Another doctor from North Carolina included in the CDC report said that “all the patients” she and her team saw “had used or consumed THC through their vaped, vaping devices through the e-cigarette. And that seemed to be a common feature. Some used smoked THC as well. And most used nicotine-containing products, as well.”
A Food and Drug Administration (FDA) report found that “many of the samples tested by the states or by the FDA as part of this ongoing investigation have been identified as vaping products containing tetrahydrocannabinol (or THC, a psychoactive component of the marijuana plant).”
“Further, most of those samples with THC tested also contained significant amounts of Vitamin E acetate … a substance present in topical consumer products or dietary supplements, but data are limited about its effects after inhalation,” the report continued, adding, “no youth should be using any vaping product, regardless of the substance.”
“Unless you are buying the e-liquid from a licensed dispensary, you have no idea what is in the product and it could easily be contaminated, have residual solvents, have pesticides, or have dangerous cutting agents like the Vitamin E acetate oil that has been detected in many of the products obtained by the FDA,” Siegel told the DCNF.
Siegel told the Daily Caller’s Vince Coglianese on WMAL’s “Mornings on the Mall” radio show earlier on Tuesday, “I think there is a mistake, which is that health agencies are being far too vague in describing this outbreak.” (RELATED: FDA Goes After Vaping Companies That Paid Social Media ‘Influencers’)
“The CDC is basically giving advice saying, ‘Don’t vape anything,’ and I think that’s irresponsible because this is a really being deal caused by black-market THC products that are filled with oil. You should not be vaping any oil because we know that the oil goes into the lungs and basically coats the lungs, and they can’t work,” Siegel explained.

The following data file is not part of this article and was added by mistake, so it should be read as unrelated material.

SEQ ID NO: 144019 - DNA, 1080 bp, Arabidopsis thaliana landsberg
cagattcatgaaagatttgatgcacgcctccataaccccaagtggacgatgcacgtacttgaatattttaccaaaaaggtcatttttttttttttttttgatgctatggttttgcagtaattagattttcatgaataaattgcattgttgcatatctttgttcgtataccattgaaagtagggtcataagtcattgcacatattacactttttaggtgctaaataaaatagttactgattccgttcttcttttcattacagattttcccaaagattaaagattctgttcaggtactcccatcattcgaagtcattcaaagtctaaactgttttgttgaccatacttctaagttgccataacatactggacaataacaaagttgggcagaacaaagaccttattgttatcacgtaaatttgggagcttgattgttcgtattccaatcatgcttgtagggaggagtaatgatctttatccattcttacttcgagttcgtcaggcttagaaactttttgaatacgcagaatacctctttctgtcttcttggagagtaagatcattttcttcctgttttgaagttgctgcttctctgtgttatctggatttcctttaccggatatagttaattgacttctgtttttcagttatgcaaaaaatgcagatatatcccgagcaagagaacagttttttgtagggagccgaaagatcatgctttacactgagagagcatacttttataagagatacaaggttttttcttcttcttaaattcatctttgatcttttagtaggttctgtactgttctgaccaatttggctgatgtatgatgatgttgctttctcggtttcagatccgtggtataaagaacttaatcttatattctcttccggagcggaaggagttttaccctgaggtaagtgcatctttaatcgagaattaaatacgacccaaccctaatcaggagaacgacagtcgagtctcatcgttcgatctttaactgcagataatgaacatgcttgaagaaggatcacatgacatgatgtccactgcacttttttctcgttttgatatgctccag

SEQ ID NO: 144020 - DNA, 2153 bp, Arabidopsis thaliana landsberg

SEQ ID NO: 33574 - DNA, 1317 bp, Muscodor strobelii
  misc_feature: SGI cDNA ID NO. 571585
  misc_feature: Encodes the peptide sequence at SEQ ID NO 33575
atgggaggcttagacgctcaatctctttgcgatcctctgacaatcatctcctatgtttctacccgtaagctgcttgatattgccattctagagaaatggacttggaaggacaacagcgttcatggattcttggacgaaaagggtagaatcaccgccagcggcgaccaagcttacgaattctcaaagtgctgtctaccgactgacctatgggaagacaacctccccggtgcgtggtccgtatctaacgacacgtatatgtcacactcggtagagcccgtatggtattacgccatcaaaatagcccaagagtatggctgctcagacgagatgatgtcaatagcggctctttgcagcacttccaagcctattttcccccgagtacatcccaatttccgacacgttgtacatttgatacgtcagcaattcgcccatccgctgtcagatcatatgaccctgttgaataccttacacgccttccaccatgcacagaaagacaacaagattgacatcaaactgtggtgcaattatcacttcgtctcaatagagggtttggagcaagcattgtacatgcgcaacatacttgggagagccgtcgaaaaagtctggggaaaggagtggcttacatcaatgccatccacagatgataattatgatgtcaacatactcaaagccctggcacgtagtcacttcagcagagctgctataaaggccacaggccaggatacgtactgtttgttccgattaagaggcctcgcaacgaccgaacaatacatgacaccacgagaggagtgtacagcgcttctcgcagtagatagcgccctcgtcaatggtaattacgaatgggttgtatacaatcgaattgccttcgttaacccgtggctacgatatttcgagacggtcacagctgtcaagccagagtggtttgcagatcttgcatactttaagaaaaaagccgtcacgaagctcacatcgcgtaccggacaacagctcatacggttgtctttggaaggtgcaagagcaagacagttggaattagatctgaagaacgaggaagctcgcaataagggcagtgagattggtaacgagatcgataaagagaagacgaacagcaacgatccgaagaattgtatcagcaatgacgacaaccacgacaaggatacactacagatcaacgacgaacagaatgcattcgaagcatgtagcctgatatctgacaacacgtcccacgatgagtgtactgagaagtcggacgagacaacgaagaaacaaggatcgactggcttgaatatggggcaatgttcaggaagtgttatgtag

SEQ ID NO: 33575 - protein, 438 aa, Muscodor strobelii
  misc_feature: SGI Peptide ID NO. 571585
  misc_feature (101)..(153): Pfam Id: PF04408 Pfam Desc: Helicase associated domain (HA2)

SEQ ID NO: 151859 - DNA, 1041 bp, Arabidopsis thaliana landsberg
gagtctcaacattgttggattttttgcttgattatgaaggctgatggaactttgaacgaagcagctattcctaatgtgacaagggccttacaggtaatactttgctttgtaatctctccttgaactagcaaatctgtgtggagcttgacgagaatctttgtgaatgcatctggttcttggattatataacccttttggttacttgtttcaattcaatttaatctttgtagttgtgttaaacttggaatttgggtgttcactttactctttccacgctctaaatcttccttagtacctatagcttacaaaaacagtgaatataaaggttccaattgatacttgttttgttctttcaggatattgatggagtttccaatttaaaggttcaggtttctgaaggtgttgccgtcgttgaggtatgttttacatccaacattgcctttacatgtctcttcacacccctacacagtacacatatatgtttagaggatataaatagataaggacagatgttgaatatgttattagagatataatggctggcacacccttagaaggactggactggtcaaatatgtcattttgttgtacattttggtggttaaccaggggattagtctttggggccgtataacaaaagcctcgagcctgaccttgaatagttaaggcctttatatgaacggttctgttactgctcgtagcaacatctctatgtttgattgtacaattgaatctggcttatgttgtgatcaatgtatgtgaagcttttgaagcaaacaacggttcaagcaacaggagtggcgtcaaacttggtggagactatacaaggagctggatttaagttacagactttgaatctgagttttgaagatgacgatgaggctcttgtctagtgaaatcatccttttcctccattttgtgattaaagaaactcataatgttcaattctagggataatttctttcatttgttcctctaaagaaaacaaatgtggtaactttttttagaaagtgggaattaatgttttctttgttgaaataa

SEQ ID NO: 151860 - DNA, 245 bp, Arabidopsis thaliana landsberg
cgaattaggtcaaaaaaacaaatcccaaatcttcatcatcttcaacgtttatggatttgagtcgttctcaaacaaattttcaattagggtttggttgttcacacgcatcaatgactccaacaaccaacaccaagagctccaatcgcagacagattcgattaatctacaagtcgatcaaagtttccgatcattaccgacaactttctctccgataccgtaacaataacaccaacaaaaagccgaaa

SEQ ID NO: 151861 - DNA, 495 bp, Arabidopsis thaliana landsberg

— Reuters Top News (@Reuters) September 10, 2019
He went on to explain that some people who have “long-standing bias against electronic cigarettes and against the idea of vaping in the first place” would rather report against vaping that the truth, “which is that the young people who are getting sick are getting sick because they bought marijuana products to vape over the black market from essentially illegal drug dealers.”
Siegel said that without telling people that they should avoid illicit THC oil and products specifically, “the message is just not coming across clearly enough to our nation’s youth about the dangers of using marijuana that’s not regulated.”
A 2018 FDA study found the number of kids under 18 who had vaped within a month when the study was conducted rose from 1.5 million in 2017 to 3.6 million in 2018. More than 3 million kids who reported vaping in the last month were in high school and the other 600,000 were in middle school.
“These new data show that America faces an epidemic of youth e-cigarette use, which threatens to engulf a new generation in nicotine addiction,” head of the U.S. Department of Health and Human Services Alex Azar said in a statement, according to Quartz.